Mpox (formerly known as monkeypox) can be much more severe in people living with HIV who have a very low CD4 count, according to a case series presented at the 30th Conference on Retroviruses and Opportunistic Infections in Seattle and published simultaneously in The Lancet.
The presentation of mpox is “very starkly different” among HIV-positive people with severe immune suppression, so much so that it should be classified as an AIDS-defining opportunistic infection, said presenter Chloe Orkin, MD, of Queen Mary University of London.
The series included nearly 400 cases of mpox among people with HIV who had a CD4 T-cell count below 350. Many patients had severe necrotizing lesions resulting in tissue death, and some had lung involvement and sepsis. The overall mortality rate was 7%, rising to 27% among those with a CD4 count below 100.
The silver lining is that no one with well-controlled HIV and no one who was vaccinated against mpox vaccine died, suggesting that antiretroviral treatment can prevent severe outcomes. However, Orkin advised clinicians who care for untreated patients with severe mpox to be alert for immune reconstitution inflammatory syndrome (IRIS), a worsening of symptoms that can occur when people start antiretrovirals with a very low CD4 count.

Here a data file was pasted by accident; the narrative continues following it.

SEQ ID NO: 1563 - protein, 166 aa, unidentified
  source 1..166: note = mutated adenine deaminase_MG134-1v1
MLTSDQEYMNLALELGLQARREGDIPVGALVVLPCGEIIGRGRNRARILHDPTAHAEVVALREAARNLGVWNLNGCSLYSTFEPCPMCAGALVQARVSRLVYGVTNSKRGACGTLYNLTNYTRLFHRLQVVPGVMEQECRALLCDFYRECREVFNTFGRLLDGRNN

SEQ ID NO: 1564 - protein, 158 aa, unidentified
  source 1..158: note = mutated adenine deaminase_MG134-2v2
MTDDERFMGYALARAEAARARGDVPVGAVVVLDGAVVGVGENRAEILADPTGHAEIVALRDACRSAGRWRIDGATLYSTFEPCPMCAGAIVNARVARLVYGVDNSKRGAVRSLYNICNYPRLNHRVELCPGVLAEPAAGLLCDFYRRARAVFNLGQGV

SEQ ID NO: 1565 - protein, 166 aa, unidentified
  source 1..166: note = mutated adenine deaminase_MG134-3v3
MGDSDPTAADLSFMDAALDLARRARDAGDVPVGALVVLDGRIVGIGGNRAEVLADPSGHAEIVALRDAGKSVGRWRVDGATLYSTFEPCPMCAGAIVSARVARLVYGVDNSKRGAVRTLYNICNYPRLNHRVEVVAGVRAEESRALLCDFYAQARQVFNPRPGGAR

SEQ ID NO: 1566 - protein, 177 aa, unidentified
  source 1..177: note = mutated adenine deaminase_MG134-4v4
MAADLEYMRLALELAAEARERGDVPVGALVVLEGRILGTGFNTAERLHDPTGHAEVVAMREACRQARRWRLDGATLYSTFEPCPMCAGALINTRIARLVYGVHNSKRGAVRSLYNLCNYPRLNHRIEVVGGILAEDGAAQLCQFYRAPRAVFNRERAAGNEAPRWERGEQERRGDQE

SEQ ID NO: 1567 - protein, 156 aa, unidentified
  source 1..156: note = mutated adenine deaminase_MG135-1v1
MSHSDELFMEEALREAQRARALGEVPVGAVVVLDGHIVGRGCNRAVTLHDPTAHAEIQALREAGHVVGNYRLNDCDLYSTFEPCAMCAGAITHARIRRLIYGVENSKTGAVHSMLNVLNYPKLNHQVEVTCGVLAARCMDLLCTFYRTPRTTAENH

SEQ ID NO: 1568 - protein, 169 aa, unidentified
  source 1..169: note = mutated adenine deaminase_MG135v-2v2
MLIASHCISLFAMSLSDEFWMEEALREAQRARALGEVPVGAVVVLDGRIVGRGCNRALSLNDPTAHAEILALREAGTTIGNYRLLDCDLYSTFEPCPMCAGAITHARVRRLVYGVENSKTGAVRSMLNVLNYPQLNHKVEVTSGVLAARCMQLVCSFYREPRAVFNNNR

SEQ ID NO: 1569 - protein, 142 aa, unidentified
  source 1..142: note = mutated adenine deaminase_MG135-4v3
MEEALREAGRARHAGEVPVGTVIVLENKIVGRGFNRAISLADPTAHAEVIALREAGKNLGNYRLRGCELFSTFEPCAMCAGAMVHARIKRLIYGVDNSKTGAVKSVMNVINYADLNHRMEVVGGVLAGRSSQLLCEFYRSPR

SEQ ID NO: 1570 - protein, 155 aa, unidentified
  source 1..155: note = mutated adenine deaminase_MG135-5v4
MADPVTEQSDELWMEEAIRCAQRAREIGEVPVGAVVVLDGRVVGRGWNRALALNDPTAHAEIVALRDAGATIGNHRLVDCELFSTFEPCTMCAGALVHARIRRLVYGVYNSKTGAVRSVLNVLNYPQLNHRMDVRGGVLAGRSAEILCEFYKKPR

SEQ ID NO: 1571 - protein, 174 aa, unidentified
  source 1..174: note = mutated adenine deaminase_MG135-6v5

Mpox and HIV
The 2022 mpox outbreak in countries outside of Africa was first identified in England last May. To date, the Centers for Disease Control and Prevention (CDC) has identified more than 30,000 cases of mpox in the United States and nearly 86,000 cases worldwide. The overwhelming majority of cases have been among gay men.
Mpox cases have declined dramatically since the outbreak peaked in late summer, likely due to a combination of behavior change, vaccination and natural immunity after infection. But mpox remains a risk for people living with HIV, who account for up to half of all cases in this outbreak.
Several studies have shown that HIV-positive people on antiretroviral therapy with an undetectable viral load and an adequate CD4 count do not fare worse than their HIV-negative peers. But it’s a different story for those with more advanced immune suppression.